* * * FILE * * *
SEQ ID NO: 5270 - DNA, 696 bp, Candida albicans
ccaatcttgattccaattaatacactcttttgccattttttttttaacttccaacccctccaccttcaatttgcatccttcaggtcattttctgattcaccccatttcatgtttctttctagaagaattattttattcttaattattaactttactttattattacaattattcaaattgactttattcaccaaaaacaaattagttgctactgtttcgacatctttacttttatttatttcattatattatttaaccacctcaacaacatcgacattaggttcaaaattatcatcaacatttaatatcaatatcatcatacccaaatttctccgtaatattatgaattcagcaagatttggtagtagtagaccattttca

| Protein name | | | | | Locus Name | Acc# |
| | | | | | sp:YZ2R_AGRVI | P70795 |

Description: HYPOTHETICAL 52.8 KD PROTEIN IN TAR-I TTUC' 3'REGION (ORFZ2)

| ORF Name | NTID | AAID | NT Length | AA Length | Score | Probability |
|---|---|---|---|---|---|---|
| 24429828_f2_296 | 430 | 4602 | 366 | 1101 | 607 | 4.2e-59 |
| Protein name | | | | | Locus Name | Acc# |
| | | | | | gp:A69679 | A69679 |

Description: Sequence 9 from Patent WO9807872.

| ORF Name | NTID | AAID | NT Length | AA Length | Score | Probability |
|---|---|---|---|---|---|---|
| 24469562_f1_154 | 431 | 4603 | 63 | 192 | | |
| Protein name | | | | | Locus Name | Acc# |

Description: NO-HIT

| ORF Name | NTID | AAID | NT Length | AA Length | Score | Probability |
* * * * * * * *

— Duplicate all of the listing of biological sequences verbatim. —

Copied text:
SEQ ID NO: 5270 - DNA, 696 bp, Candida albicans
ccaatcttgattccaattaatacactcttttgccattttttttttaacttccaacccctccaccttcaatttgcatccttcaggtcattttctgattcaccccatttcatgtttctttctagaagaattattttattcttaattattaactttactttattattacaattattcaaattgactttattcaccaaaaacaaattagttgctactgtttcgacatctttacttttatttatttcattatattatttaaccacctcaacaacatcgacattaggttcaaaattatcatcaacatttaatatcaatatcatcatacccaaatttctccgtaatattatgaattcagcaagatttggtagtagtagaccattttca

| Protein name | | | | | Locus Name | Acc# |
| | | | | | sp:YZ2R_AGRVI | P70795 |

Description: HYPOTHETICAL 52.8 KD PROTEIN IN TAR-I TTUC' 3'REGION (ORFZ2)

| ORF Name | NTID | AAID | NT Length | AA Length | Score | Probability |
|---|---|---|---|---|---|---|
| 24429828_f2_296 | 430 | 4602 | 366 | 1101 | 607 | 4.2e-59 |
| Protein name | | | | | Locus Name | Acc# |
| | | | | | gp:A69679 | A69679 |

Description: Sequence 9 from Patent WO9807872.

| ORF Name | NTID | AAID | NT Length | AA Length | Score | Probability |
|---|---|---|---|---|---|---|
| 24469562_f1_154 | 431 | 4603 | 63 | 192 | | |
| Protein name | | | | | Locus Name | Acc# |

Description: NO-HIT

| ORF Name | NTID | AAID | NT Length | AA Length | Score | Probability |